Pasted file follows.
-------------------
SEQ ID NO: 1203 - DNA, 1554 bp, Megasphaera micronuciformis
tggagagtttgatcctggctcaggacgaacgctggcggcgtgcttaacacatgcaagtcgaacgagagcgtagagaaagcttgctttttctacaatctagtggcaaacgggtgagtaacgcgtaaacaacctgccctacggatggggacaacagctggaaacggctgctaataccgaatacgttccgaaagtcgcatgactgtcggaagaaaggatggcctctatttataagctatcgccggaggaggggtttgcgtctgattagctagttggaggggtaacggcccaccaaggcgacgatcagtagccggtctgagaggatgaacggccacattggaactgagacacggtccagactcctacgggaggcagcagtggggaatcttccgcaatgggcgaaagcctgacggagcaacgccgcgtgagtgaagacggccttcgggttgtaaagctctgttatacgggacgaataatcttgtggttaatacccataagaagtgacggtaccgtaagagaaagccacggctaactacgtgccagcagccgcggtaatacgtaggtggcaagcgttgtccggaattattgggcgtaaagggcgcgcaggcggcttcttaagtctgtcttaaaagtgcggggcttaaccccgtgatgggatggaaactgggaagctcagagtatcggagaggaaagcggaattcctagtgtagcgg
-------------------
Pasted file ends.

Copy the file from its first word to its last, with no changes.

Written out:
SEQ ID NO: 1203 - DNA, 1554 bp, Megasphaera micronuciformis
tggagagtttgatcctggctcaggacgaacgctggcggcgtgcttaacacatgcaagtcgaacgagagcgtagagaaagcttgctttttctacaatctagtggcaaacgggtgagtaacgcgtaaacaacctgccctacggatggggacaacagctggaaacggctgctaataccgaatacgttccgaaagtcgcatgactgtcggaagaaaggatggcctctatttataagctatcgccggaggaggggtttgcgtctgattagctagttggaggggtaacggcccaccaaggcgacgatcagtagccggtctgagaggatgaacggccacattggaactgagacacggtccagactcctacgggaggcagcagtggggaatcttccgcaatgggcgaaagcctgacggagcaacgccgcgtgagtgaagacggccttcgggttgtaaagctctgttatacgggacgaataatcttgtggttaatacccataagaagtgacggtaccgtaagagaaagccacggctaactacgtgccagcagccgcggtaatacgtaggtggcaagcgttgtccggaattattgggcgtaaagggcgcgcaggcggcttcttaagtctgtcttaaaagtgcggggcttaaccccgtgatgggatggaaactgggaagctcagagtatcggagaggaaagcggaattcctagtgtagcgg